October 10, 2016 / 2:57 AM / a year ago

Race for Australia's S. Kidman narrows to country's richest woman

SYDNEY (Reuters) - Australian company DomaCom has pulled out of a fund-raising effort to purchase S. Kidman and Co, the country’s largest private land holding, chief executive Arthur Naoumidis told Reuters on Monday, after a bid on Sunday from a group led by Australia’s richest woman.

Australian mining heiress and Chairman of Hancock Prospecting group Gina Rinehart prepares to award medals to competitors at the Australian Synchronised Swimming Championships in Sydney, Australia, April 25, 2015. REUTERS/Jason Reed/File Photo

Previous S. Kidman bidders Hunan Dakang Pasture Farming Co Ltd (Dakang) and Australian Rural Capital Ltd (ARC) have decided not to launch a counter offer and are expected to follow DomaCom’s exit from the bidding, a source at the Hunan and ARC consortium told Reuters.

The decisions remove potential rivals to an A$365 million ($277 million) joint bid announced on Sunday for the politically-sensitive asset lodged by Australia’s richest woman, miner Gina Rinehart, and Chinese developer Shanghai CRED.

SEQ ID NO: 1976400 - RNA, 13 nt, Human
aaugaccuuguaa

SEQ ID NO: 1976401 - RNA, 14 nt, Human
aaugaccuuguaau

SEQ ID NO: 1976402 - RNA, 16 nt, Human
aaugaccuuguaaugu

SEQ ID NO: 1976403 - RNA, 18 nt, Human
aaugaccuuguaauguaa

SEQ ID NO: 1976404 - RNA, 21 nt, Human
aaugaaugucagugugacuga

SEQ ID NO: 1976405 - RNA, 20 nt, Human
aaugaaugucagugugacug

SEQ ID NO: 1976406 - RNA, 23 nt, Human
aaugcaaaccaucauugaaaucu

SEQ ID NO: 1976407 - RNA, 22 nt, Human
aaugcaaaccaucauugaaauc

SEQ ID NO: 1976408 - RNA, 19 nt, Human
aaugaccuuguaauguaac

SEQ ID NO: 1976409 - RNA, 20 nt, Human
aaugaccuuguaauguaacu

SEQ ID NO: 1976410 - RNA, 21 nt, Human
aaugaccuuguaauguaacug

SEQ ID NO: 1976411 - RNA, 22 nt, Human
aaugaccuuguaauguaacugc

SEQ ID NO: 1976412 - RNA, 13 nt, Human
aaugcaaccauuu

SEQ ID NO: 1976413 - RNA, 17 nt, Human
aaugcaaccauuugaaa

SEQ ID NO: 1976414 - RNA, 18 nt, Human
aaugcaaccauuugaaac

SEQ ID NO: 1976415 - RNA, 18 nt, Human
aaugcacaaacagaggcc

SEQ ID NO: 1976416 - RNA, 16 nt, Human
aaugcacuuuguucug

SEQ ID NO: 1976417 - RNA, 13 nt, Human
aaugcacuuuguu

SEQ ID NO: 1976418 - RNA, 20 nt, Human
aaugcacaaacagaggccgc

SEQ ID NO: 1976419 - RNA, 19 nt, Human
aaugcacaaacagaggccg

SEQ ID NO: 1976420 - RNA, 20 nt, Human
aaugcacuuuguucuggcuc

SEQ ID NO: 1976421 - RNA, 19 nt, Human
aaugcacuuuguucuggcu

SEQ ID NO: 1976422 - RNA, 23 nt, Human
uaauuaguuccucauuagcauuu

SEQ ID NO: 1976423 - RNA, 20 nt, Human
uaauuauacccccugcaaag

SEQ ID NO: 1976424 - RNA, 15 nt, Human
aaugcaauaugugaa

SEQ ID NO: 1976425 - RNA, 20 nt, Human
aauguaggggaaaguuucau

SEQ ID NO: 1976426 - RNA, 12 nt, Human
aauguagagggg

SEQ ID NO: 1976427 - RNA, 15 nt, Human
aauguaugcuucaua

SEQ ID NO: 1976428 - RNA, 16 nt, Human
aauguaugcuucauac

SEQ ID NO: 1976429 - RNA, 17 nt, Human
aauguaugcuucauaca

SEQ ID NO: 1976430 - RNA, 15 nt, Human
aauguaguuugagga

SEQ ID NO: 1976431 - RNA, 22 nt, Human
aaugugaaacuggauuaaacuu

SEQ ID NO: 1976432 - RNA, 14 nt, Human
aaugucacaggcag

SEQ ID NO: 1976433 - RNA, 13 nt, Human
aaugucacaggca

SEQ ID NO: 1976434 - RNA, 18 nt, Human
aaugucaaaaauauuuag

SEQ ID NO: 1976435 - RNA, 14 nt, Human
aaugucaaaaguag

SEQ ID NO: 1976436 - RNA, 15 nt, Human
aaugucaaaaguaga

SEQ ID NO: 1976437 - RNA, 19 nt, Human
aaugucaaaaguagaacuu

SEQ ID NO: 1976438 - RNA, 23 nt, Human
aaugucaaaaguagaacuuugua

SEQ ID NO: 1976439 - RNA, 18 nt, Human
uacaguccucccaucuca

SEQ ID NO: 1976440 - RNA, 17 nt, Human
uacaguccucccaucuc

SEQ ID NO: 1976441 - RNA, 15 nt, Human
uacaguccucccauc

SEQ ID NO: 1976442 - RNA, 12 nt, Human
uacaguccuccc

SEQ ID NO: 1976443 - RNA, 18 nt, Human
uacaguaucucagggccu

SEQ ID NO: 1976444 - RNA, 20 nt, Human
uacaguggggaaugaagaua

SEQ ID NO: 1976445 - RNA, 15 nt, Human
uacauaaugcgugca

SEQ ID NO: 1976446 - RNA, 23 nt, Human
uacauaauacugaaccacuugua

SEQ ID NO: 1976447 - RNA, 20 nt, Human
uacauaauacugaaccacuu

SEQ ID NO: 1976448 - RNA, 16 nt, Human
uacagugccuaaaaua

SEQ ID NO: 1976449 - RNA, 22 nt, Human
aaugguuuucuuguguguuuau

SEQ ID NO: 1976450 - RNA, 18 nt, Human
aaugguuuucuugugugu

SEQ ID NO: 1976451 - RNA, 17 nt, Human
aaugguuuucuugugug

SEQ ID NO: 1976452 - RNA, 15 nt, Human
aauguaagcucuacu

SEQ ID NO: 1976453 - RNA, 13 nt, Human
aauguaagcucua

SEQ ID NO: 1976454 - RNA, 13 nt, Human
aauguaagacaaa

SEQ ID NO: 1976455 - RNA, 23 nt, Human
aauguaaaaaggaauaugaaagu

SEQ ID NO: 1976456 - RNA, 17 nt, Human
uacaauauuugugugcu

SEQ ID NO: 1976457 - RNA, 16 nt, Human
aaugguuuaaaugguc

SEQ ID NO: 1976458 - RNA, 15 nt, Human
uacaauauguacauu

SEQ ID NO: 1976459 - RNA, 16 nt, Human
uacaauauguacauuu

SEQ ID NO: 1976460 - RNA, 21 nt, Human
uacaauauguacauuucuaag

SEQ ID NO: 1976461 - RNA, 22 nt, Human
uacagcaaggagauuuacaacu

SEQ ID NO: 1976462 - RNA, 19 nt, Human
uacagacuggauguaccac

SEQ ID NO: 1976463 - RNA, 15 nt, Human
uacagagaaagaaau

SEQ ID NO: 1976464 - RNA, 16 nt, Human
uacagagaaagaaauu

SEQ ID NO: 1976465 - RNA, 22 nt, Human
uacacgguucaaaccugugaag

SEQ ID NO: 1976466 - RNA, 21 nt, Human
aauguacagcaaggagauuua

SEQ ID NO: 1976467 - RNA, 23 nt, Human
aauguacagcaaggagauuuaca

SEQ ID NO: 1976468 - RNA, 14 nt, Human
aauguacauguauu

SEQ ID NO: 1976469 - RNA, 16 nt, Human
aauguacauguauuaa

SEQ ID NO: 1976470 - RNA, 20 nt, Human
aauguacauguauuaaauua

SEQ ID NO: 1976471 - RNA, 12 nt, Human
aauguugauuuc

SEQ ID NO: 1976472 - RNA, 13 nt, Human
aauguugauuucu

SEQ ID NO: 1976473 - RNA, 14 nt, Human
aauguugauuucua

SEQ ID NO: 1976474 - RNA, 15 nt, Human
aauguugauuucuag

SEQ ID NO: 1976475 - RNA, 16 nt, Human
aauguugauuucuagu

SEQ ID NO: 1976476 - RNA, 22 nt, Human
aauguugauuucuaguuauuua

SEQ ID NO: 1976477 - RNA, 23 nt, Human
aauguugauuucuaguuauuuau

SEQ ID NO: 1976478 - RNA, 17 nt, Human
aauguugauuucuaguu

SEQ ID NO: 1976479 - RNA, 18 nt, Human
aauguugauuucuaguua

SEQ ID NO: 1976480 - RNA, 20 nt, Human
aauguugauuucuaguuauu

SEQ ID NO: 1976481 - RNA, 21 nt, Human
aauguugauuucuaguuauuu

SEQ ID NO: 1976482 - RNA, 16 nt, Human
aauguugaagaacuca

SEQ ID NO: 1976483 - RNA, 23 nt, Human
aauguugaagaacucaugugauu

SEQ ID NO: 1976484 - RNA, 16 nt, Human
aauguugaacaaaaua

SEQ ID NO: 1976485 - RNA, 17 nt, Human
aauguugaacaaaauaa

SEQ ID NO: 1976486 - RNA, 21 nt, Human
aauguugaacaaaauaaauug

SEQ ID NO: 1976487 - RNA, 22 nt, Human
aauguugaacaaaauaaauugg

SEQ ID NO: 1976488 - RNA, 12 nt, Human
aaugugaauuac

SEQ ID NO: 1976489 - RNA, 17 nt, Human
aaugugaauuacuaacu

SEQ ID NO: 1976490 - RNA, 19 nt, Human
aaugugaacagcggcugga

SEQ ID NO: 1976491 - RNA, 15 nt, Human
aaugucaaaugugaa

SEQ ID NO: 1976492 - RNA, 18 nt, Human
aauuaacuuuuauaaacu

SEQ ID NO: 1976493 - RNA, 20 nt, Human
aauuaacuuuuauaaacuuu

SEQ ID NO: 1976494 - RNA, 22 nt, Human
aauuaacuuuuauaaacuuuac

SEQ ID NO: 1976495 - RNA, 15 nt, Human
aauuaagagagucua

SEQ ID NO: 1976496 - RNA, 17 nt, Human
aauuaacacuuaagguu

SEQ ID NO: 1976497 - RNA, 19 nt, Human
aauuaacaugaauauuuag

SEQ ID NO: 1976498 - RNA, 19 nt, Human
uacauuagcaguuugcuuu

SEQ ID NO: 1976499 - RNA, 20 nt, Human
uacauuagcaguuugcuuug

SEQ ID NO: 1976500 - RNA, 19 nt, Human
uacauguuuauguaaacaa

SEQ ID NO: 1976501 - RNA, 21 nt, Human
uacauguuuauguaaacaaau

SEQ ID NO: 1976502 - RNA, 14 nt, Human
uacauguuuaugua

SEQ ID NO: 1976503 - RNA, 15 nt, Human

The sale of the large rural cattle-ranching holding - about the same size as South Korea - has sparked heated debate over whether key Australian agriculture land and assets should be sold to foreign interests.

In April, the Australian government rejected an offer by a consortium headed by Shanghai CRED, Hunan Dakang and a minority 20 percent Australian interest, the group’s second rejection in six months.

Naoumidis said it would be too difficult for Domacom to compete with the Rinehart-led offer.

“We are winding up our Kidman campaign,” Naoumidis said. “It’s not just majority Australian; it’s Rinehart. She’s politically connected.”

The Rinehart-Shanghai CRED deal requires regulatory approval, but that consortium’s offer - consisting of two-thirds to be owned by the Rinehart-led Hancock Prospecting and one-third by Shanghai CRED - satisfies the government’s preference for S. Kidman to remain at least majority Australian owned.

Reporting by Jonathan Barrett and Colin Packham; Editing by Michael Perry and Christian Schmollinger

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